Disney’s Starlets: Too Much, Too Soon

31 Oct

There has been much controversy surrounding the hypersexualization of Disney’s young stars. Whether or not they are pushing the envelope too far is up for debate. A lot of the material on the web criticizes the teens in a negative way, while the other point of view is that people don’t mind the overdose of maturity. Because of her recent and popular transformation from Hannah Montana to Miley Cyrus, the young pop sensation has been the subject of most of the recent ridicule.

This video was leaked this past week from a “friend” of Miley Cyrus’. She is seen smoking salvia, a legal drug in California with serious hallucinogenic qualities.  She appears irresponsible and out of control. This blog response goes to show how much impact this video had.  She is not representing an image that deserves to be idolized by the vulnerable tween youth.


The principles of democracy are somewhat distorted in this research. Many people don’t want young girls idolizing these rated R role models, while others don’t mind. Young girls everywhere are eager to grow up, so this is the guide they enthusiastically follow. They are the majority, and the most important party involved since they are the ones directly effected, but they are too young to make the moral judgment. Who is directing these young stars to grow up so quickly? Why do some follow, while others do not (Raven-Symone)? What is the fine line between naturally maturing and the indecent dramatization of maturation?


3 Responses to “Disney’s Starlets: Too Much, Too Soon”

  1. ljcosta November 1, 2010 at 6:15 pm #

    WOW.. what a comparison- you wouldn’t even know those are the same people! I wonder who it is that DOESN’T mind the overdose of sexuality… because if this is referring to the parents’ opinions, they must be crazy because I personally don’t know a single parent who would WANT their daughter to idolize these sexy images. That’s just sickening. People always say “kids these days,” but isn’t it really “parents these days?”

  2. afertel689 November 1, 2010 at 10:33 pm #

    It is scary how quickly Disney is encouraging young girls to mature. What’s the rush? “Tweens” shouldn’t feel pressure to wear tons of make up, short skirts and four-inch high heels, that’s not appropriate! There are even 20-something-year-olds running around dressing that way, and they don’t even look appropriate, so how is a thirteen year old supposed to pull it off? Parents need to explain to their kids, especially girls, why it’s unnecessary to look and act that way at such a young age. There’s plenty of time for that! Why is there this rush to see who can mature the fastest? And what happens when you win?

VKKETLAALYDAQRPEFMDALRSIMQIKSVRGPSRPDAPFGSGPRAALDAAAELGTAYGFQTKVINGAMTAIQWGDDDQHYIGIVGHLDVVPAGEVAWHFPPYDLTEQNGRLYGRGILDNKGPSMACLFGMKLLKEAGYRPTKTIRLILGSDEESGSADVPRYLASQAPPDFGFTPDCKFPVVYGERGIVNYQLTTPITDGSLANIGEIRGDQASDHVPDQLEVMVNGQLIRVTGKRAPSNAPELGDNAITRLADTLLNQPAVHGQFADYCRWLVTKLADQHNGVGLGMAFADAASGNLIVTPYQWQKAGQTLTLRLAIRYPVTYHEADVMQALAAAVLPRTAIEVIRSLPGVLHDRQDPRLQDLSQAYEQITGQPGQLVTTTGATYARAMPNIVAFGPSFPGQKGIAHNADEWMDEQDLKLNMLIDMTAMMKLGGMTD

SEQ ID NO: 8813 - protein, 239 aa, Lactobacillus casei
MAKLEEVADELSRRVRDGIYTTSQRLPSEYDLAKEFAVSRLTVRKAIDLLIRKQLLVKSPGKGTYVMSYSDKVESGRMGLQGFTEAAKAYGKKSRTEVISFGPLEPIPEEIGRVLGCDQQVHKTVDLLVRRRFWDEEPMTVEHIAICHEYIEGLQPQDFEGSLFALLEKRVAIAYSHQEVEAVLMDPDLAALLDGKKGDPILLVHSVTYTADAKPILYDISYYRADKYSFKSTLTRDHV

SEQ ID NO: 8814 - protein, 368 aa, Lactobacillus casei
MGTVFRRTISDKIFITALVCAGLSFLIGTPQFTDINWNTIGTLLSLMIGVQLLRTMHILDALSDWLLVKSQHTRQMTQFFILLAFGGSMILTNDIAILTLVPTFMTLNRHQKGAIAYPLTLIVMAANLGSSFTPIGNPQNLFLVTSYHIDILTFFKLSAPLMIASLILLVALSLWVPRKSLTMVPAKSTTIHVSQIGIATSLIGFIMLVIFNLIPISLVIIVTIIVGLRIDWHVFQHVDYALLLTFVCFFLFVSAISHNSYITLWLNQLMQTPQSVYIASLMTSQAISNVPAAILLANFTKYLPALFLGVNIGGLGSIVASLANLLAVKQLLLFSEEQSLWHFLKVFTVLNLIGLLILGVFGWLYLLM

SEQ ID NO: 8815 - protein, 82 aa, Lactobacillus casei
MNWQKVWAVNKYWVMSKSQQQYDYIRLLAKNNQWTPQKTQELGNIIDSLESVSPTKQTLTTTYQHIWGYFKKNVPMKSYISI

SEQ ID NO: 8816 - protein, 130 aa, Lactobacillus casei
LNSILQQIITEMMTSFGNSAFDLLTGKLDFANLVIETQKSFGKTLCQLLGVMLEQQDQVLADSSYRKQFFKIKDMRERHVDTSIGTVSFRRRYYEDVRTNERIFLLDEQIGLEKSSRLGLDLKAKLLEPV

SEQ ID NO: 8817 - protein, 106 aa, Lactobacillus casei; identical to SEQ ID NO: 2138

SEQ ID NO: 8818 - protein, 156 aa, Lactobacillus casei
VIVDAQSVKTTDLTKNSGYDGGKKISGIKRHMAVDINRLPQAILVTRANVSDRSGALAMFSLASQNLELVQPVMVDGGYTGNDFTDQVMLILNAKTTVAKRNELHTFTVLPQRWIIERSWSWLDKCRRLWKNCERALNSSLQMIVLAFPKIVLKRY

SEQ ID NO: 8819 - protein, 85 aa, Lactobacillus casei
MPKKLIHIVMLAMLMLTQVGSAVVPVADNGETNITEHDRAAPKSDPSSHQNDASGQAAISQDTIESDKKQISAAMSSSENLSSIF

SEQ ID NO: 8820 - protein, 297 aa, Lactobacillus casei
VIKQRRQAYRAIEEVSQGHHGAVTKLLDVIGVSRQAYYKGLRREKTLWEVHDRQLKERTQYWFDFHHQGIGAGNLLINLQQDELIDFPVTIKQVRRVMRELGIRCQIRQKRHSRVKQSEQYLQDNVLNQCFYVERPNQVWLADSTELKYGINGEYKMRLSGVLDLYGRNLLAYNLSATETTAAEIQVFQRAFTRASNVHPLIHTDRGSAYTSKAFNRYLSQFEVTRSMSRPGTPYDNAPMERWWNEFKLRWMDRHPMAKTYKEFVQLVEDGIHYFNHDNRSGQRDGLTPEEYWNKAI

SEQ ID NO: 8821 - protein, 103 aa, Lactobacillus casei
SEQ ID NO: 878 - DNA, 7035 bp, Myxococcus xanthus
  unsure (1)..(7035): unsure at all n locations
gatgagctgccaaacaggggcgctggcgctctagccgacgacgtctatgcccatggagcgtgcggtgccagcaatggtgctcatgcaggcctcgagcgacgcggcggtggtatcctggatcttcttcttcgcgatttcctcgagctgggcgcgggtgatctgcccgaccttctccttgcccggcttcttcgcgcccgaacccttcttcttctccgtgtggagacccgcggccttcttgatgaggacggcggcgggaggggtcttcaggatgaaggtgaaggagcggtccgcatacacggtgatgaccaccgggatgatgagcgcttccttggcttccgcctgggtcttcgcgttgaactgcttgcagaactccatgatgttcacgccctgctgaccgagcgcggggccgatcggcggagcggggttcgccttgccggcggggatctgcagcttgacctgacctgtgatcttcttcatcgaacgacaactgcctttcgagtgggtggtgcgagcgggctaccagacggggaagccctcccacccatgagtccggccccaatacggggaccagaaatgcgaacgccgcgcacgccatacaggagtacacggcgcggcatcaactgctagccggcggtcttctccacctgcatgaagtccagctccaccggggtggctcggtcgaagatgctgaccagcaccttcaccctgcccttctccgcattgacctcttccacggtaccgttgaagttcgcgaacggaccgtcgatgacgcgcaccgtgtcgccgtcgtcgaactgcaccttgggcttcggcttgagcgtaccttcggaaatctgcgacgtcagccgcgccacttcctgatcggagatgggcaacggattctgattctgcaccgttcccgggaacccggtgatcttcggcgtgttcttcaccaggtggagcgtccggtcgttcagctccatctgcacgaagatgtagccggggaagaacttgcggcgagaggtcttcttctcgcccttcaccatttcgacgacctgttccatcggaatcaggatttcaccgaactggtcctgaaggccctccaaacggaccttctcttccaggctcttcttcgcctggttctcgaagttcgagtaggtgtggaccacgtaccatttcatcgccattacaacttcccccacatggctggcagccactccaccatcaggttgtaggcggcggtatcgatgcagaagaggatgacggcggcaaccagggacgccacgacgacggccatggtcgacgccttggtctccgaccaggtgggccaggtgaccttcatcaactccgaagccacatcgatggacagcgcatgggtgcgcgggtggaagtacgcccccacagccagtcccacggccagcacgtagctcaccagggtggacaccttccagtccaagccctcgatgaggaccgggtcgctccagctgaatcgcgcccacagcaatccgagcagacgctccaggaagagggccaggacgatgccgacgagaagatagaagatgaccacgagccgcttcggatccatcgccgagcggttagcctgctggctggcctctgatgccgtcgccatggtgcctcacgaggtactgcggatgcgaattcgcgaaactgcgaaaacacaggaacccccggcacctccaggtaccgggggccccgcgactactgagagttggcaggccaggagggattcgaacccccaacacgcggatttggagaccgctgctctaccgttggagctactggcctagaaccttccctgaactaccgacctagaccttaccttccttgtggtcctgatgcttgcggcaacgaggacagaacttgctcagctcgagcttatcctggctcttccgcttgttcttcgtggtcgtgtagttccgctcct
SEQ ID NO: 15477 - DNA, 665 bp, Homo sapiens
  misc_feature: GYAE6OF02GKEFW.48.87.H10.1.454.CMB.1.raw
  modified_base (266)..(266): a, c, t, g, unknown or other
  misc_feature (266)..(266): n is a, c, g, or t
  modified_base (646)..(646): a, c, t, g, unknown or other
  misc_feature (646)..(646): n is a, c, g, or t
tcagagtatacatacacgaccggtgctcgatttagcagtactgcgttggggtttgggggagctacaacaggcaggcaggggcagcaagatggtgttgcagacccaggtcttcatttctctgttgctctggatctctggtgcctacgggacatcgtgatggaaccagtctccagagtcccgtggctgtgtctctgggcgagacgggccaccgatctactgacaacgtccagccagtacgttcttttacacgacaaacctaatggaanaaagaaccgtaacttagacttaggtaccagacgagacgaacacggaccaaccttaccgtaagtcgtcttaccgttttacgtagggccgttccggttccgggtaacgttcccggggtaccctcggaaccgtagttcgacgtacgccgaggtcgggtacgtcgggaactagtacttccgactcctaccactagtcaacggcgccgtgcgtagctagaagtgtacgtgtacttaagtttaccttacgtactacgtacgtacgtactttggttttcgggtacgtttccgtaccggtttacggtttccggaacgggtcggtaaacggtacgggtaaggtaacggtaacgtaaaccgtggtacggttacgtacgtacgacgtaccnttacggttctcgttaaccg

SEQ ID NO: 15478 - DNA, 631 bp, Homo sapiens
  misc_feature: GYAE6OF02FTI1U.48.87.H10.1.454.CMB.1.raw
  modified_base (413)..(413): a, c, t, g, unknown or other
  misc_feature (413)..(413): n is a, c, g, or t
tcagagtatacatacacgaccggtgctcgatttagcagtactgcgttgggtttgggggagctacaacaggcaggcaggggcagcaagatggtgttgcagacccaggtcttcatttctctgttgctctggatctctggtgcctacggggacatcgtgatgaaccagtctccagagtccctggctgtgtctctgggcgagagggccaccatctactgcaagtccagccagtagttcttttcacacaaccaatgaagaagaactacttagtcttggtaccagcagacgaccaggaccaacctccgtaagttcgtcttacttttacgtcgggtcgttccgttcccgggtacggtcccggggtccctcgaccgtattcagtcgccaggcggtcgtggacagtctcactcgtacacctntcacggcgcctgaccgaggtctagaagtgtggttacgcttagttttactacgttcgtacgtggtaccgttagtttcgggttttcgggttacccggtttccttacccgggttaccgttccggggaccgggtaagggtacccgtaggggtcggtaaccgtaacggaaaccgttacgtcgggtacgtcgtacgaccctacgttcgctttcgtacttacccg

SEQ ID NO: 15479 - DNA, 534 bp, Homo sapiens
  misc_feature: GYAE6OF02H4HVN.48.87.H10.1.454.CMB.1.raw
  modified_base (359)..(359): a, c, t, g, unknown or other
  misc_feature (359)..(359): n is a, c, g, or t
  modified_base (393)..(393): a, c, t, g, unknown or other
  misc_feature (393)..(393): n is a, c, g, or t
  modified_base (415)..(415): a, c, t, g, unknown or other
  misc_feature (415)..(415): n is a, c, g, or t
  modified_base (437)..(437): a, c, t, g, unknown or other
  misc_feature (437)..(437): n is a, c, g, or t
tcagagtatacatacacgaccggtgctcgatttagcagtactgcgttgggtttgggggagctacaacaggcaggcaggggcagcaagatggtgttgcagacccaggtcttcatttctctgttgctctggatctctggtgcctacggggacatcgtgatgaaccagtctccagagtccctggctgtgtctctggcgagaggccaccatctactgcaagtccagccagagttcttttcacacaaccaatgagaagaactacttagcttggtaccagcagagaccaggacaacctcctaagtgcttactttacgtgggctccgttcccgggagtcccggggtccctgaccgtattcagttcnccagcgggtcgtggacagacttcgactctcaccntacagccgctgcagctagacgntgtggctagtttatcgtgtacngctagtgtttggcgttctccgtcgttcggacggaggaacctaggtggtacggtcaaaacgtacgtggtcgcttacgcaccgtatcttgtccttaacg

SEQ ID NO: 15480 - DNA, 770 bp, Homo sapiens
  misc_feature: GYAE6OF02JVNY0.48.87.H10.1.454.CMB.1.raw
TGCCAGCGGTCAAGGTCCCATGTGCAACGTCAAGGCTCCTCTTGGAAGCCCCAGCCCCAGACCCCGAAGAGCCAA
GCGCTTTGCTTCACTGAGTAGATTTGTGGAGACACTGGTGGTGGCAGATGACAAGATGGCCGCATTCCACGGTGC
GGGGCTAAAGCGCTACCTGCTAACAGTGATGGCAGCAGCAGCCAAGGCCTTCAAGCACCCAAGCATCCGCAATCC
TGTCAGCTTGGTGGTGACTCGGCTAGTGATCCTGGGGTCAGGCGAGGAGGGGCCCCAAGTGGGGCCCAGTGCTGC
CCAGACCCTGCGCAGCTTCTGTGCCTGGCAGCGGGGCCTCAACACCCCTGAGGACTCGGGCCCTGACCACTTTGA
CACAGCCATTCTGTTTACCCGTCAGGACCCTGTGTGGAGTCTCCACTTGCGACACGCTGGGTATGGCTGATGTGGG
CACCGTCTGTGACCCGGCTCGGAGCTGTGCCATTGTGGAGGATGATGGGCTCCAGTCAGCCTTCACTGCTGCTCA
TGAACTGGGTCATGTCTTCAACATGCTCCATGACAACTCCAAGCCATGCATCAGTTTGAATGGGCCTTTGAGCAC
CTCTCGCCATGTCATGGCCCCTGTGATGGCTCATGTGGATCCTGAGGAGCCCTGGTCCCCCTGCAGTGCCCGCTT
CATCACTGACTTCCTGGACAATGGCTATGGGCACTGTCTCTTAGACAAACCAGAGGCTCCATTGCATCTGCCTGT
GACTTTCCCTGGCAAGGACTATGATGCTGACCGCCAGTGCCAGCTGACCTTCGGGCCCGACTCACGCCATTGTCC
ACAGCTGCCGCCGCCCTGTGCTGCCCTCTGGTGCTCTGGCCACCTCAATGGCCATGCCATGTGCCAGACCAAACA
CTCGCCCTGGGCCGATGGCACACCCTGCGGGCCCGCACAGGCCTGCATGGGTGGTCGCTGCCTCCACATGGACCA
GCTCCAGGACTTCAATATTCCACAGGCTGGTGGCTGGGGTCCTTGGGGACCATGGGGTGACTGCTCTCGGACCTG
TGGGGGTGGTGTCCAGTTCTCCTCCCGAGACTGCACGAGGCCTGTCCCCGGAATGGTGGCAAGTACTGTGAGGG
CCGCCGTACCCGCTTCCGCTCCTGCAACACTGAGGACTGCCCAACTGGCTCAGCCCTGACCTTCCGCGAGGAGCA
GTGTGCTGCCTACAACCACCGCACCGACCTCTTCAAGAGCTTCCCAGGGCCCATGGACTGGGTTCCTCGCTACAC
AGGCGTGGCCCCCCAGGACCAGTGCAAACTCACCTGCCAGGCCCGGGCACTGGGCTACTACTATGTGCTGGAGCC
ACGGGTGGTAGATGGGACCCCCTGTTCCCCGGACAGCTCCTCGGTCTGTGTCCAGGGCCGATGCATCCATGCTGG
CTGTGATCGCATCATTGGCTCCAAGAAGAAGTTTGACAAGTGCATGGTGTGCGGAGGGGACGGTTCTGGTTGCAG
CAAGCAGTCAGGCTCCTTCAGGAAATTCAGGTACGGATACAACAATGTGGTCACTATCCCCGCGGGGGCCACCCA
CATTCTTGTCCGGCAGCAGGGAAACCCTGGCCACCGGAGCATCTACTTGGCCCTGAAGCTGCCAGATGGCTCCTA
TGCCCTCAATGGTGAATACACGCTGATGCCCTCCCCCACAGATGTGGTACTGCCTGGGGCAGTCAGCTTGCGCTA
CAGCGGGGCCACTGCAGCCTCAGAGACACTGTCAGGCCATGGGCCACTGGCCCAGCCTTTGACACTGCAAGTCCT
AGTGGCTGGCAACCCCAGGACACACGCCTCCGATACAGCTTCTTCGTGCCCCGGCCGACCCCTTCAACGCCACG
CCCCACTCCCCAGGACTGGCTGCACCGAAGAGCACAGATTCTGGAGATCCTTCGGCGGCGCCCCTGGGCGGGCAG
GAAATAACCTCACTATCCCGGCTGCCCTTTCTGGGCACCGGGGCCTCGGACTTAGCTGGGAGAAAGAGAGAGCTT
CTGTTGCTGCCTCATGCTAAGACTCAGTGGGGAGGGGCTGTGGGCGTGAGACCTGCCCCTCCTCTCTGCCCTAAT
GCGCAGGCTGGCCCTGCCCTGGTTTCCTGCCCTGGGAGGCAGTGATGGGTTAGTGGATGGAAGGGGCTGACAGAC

• sfishbon November 2, 2010 at 12:12 pm #

      I think that this hyper-sexualization of young Disney stars is forcing children to grow up faster and taking away their right to be a child and have a childhood. If we look at generations older and younger then us we can see a trend that kids are growing up faster, having sex sooner and dressing way beyond their years to look a certain age. I think that we are not only forcing an unrealistic image on young girls and telling them that they need to look a certain way to be liked, but we are taking away their right to grow up at a normal pace. Some girls will not experience puberty til later in life and cannot physically look like many of their “idols”, so is this an excuse for them to not be liked by others? Tweens and other kids have to realize that these characters in their favorite shows are actually older then the part they play in the shows. I think here, the parents need to step in and really open the kids eyes up to what is going on and teach their children that hyper-sexualization is not something they should strive to appeal to.

      So, is there research showing that children are suffering from not looking like these girls in the shows? What about parent advocacy groups, do parents approve of the shows that their kids are watching? This is similar to my topic, do you think that Disney is selling sex? What about the boys in these tv shows? What impacts do they have?

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